You can probably think of a handful of people at the office whom everyone seems to genuinely like, people who are indescribably charming and magnetic, people you want to work with and get to know better, people you want to emulate.
Wouldn’t it be awesome if you were one of those people? Of course it would be!
The following seven tips are great (and easy) ways to be more likable at work that you can put into action today.
1. Find the Right Co-sign
In the real world, the average person’s probably reluctant to co-sign for someone on a new car or apartment. Luckily it’s much easier in the office to find a guy who’s willing to take a chance and vouch for you. So identify the power players and work to build a relationship with those who are already well-liked and admired. Then, follow their example.
2. Play Your Position Like an All-Star
It’s rare to catch LA Clippers point guard Chris Paul battling Dwight Howard for a rebound. Still, the six-foot Paul remains an eight-time All-Star because he plays his position really, really well. Figure out what you can excel at and work it. Maybe you’re a numbers whiz, a vocabulary master, or confident presentation person. Do you know everything there is to know about Google Docs, or have more email hacks up your sleeve than anyone could possibly need?
Whatever it is that adds to your awesomeness, take advantage of it and share your knowledge.
3. Set Up Regular One-on-Ones
Make a coffee date or out-of-office lunch plan with various co-workers throughout the week. They can be people you know well, people you’re just getting to know, and others whose names you’ve just learned.
Don’t underestimate the power of a one-on-one interaction, which can quickly help you forge a connection with a new colleague. Learning about other departments is beneficial to your work, but if you can go deeper and discover something non-work related about the people you work with, all the better.
4. Make an Effort to Socialize
Someone has to send the email or spread the word about where to grab those happy hour drinks—could that person be you? Organize an evening get-together at a local bar, or offer to lend a hand to your colleague responsible for organizing these events. If drinks aren’t really a part of your office’s culture, consider other ways to initiate social interaction with colleagues outside of business hours.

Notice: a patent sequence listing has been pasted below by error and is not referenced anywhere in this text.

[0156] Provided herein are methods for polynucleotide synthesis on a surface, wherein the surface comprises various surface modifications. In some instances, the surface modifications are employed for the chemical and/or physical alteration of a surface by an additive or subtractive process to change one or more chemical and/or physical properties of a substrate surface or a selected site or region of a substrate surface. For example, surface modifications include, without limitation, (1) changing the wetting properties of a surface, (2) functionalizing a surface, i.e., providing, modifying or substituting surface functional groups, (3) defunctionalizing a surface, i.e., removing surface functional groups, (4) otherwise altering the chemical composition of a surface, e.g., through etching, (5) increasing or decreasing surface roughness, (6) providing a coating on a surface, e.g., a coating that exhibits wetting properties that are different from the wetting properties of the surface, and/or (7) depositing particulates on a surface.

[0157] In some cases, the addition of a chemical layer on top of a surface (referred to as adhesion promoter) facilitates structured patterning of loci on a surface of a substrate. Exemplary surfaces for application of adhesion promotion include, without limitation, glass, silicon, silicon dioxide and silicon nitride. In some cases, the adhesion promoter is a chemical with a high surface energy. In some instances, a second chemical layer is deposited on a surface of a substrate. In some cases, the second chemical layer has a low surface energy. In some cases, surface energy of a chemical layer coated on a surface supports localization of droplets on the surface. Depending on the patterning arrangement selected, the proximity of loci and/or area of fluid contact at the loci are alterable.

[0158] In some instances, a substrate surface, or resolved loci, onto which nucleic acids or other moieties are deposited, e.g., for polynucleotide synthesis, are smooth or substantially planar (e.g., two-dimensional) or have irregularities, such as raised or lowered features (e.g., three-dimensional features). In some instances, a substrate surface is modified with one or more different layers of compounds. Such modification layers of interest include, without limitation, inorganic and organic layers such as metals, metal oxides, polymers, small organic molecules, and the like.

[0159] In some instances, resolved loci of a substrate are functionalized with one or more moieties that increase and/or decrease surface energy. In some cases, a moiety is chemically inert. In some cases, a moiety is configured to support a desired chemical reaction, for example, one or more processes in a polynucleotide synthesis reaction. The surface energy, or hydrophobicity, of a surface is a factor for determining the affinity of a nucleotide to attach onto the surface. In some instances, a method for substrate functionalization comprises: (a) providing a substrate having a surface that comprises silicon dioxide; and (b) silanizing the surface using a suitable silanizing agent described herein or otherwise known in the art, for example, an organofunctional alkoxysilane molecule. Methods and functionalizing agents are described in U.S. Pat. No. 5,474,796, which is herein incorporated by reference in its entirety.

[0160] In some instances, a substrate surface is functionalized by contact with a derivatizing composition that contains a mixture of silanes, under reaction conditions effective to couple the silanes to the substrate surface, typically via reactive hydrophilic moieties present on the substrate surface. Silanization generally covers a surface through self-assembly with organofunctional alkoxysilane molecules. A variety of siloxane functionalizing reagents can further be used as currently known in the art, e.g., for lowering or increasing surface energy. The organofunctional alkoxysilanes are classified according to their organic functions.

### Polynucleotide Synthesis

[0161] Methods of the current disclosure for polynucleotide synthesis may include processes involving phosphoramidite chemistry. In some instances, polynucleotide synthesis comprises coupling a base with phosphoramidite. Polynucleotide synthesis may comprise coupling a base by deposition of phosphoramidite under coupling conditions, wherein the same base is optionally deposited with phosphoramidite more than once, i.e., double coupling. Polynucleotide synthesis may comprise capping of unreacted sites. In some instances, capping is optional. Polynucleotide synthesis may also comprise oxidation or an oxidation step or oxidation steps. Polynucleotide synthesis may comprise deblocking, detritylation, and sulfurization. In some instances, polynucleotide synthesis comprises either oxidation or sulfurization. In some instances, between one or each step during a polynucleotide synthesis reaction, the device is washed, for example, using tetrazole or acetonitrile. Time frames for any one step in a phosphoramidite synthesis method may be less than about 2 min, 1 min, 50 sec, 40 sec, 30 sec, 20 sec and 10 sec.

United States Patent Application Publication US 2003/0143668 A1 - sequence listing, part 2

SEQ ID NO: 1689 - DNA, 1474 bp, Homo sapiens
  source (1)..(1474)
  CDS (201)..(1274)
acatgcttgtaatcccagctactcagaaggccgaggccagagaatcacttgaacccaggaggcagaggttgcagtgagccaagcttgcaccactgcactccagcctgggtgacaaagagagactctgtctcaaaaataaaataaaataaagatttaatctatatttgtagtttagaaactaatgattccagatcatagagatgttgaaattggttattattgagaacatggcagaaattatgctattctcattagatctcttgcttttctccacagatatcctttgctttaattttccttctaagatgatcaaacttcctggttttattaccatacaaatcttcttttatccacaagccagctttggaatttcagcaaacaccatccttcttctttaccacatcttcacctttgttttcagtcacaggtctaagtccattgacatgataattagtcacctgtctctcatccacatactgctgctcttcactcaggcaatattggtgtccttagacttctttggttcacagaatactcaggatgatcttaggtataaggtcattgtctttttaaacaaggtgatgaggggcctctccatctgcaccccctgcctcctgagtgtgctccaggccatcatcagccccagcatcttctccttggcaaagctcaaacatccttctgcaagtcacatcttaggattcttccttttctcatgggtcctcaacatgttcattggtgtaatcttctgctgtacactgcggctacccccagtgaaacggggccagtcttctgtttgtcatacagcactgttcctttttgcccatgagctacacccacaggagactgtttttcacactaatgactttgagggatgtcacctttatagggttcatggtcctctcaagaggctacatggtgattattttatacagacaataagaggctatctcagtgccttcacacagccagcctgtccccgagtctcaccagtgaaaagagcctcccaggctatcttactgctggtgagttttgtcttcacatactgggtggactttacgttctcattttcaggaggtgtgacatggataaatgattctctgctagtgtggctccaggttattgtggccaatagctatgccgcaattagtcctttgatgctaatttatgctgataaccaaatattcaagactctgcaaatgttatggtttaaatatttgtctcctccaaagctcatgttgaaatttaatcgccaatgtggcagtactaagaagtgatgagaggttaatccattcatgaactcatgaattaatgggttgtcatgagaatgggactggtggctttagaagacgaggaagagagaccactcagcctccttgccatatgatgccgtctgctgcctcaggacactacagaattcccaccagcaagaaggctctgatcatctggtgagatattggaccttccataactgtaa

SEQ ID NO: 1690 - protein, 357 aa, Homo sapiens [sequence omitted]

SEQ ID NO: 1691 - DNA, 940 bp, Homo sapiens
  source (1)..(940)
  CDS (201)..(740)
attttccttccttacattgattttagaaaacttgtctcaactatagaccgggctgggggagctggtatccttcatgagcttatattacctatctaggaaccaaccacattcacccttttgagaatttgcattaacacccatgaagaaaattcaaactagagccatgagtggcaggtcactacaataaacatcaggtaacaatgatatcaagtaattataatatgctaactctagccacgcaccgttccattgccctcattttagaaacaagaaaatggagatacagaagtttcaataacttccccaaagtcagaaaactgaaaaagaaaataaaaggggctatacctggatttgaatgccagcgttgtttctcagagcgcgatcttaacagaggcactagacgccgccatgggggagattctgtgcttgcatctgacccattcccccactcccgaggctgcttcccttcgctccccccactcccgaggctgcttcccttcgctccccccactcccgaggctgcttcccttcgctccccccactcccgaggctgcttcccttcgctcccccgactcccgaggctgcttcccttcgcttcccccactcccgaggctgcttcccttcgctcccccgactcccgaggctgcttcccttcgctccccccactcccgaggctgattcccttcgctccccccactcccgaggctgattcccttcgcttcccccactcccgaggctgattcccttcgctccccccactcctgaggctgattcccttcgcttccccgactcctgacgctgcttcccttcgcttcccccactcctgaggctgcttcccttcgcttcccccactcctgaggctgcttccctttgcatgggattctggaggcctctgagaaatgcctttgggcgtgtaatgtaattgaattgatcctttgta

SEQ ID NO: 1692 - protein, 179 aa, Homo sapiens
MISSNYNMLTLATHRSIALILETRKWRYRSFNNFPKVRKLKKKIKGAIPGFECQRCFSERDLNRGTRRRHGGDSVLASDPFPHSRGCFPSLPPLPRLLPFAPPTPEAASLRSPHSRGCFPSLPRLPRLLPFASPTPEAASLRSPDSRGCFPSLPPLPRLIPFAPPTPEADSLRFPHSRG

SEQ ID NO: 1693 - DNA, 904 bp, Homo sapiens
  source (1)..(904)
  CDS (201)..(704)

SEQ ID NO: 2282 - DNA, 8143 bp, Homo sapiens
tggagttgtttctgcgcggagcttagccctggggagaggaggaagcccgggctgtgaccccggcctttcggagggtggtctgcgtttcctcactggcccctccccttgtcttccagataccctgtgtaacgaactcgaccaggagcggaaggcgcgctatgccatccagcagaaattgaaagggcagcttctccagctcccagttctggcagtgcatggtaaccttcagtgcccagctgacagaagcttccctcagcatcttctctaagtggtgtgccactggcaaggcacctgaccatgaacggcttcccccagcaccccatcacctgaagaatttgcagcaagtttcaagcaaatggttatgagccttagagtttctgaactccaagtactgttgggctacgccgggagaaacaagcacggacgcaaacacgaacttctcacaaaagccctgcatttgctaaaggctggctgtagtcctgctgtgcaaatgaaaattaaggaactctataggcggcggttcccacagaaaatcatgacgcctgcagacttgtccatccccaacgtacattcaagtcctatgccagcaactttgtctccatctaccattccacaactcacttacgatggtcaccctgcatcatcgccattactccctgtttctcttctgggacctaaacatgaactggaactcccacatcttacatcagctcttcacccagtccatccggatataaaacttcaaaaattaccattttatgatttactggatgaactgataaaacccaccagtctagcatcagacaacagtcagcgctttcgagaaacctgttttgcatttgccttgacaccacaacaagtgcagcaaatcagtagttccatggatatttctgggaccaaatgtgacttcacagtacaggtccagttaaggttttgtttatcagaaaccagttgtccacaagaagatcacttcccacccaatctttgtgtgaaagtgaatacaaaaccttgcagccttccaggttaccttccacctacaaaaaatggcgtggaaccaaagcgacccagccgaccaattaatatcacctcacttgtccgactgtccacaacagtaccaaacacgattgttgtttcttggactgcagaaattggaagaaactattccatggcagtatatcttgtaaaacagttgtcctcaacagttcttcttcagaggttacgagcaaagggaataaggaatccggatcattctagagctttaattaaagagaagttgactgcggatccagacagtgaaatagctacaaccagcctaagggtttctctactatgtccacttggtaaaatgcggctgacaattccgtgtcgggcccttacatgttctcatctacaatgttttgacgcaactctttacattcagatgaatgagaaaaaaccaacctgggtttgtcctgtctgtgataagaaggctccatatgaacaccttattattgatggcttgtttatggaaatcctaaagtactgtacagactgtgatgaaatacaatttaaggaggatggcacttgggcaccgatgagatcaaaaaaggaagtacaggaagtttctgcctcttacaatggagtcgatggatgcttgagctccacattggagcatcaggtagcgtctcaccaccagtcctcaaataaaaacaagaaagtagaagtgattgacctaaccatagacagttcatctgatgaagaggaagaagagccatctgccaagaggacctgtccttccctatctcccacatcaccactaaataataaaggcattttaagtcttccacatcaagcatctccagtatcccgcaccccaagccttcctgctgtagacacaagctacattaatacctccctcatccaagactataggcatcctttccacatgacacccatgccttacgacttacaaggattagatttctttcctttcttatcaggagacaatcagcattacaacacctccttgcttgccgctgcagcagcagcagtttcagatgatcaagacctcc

Maybe there’s a networking event a few of your team members could attend as a group. Or, perhaps, you put a feeler out there for a book club or sports team. Making an effort can go a long way in getting people to think you’re pretty awesome.
5. Find Small Ways to Connect
Bond with your peers by keeping them up-to-date with the newest and most exciting news. Listen to their interests and ask questions. Send restaurant reviews to the office foodie or share info on the summer concert lineup to the musically inclined crew. These recommendations are exactly the kind of gestures that’ll make you a memorable colleague.
6. Be the Office Cheerleader
Be the biggest cheerleader on the team. When someone accomplishes a feat, whether big or small, be the first to clap and personally congratulate them. I used to keep a bottle of top-shelf bourbon in my desk drawer that I’d whip out when a teammate closed a deal.
The whiskey lovers among us would toast as a team. The camaraderie was contagious, and trust me when I say that it genuinely feels good to be there for others and root for their achievements—after all, wouldn’t you wish for the same?
7. Play 21 Questions
Let’s say you’ve got a few minutes before a meeting starts or while you’re waiting for the coffee to finish brewing. Instead of scrolling through the apps on your phone, make eye contact with a nearby colleague. Most people enjoy talking about themselves and their interests, so ask leading questions. Ask about their weekend, their kids, or their latest TV obsession. This move takes little effort but can pay off big time in making you seem approachable and friendly.
An old buddy and co-worker of mine has far more friends than anyone I’ve ever met. When we worked alongside each other he was the “it-guy” in the company. He had an endless string of dinner or drink invitations always.
I once asked him the secret to his reputation. His answer was simple and became one of the best pieces of advice I’ve ever received, “I’m the driver of every single one of my relationships in life.” What he meant was that he made a point to get to know people and put himself out there. He did all of the above, and it paid off.